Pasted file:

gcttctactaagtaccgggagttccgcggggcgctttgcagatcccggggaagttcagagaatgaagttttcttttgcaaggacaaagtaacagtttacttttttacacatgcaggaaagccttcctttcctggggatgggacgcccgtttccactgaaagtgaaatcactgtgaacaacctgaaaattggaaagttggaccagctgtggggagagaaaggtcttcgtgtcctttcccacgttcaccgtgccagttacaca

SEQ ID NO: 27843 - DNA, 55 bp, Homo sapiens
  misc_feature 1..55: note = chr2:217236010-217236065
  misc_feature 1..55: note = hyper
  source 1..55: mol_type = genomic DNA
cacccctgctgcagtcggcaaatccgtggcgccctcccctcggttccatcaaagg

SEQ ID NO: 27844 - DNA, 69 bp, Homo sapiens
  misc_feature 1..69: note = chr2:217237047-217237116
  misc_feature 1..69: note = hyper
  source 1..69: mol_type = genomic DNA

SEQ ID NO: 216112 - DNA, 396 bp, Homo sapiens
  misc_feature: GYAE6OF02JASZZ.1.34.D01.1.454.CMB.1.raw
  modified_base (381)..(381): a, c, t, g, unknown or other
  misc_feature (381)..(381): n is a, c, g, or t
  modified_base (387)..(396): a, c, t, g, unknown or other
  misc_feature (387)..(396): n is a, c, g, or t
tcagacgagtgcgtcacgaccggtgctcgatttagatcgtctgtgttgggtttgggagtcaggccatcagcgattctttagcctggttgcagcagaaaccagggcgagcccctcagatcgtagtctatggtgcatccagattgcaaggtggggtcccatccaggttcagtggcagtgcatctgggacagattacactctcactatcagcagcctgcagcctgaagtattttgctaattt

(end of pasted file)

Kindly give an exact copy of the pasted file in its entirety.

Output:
gcttctactaagtaccgggagttccgcggggcgctttgcagatcccggggaagttcagagaatgaagttttcttttgcaaggacaaagtaacagtttacttttttacacatgcaggaaagccttcctttcctggggatgggacgcccgtttccactgaaagtgaaatcactgtgaacaacctgaaaattggaaagttggaccagctgtggggagagaaaggtcttcgtgtcctttcccacgttcaccgtgccagttacaca

SEQ ID NO: 27843 - DNA, 55 bp, Homo sapiens
  misc_feature 1..55: note = chr2:217236010-217236065
  misc_feature 1..55: note = hyper
  source 1..55: mol_type = genomic DNA
cacccctgctgcagtcggcaaatccgtggcgccctcccctcggttccatcaaagg

SEQ ID NO: 27844 - DNA, 69 bp, Homo sapiens
  misc_feature 1..69: note = chr2:217237047-217237116
  misc_feature 1..69: note = hyper
  source 1..69: mol_type = genomic DNA

SEQ ID NO: 216112 - DNA, 396 bp, Homo sapiens
  misc_feature: GYAE6OF02JASZZ.1.34.D01.1.454.CMB.1.raw
  modified_base (381)..(381): a, c, t, g, unknown or other
  misc_feature (381)..(381): n is a, c, g, or t
  modified_base (387)..(396): a, c, t, g, unknown or other
  misc_feature (387)..(396): n is a, c, g, or t
tcagacgagtgcgtcacgaccggtgctcgatttagatcgtctgtgttgggtttgggagtcaggccatcagcgattctttagcctggttgcagcagaaaccagggcgagcccctcagatcgtagtctatggtgcatccagattgcaaggtggggtcccatccaggttcagtggcagtgcatctgggacagattacactctcactatcagcagcctgcagcctgaagtattttgctaattt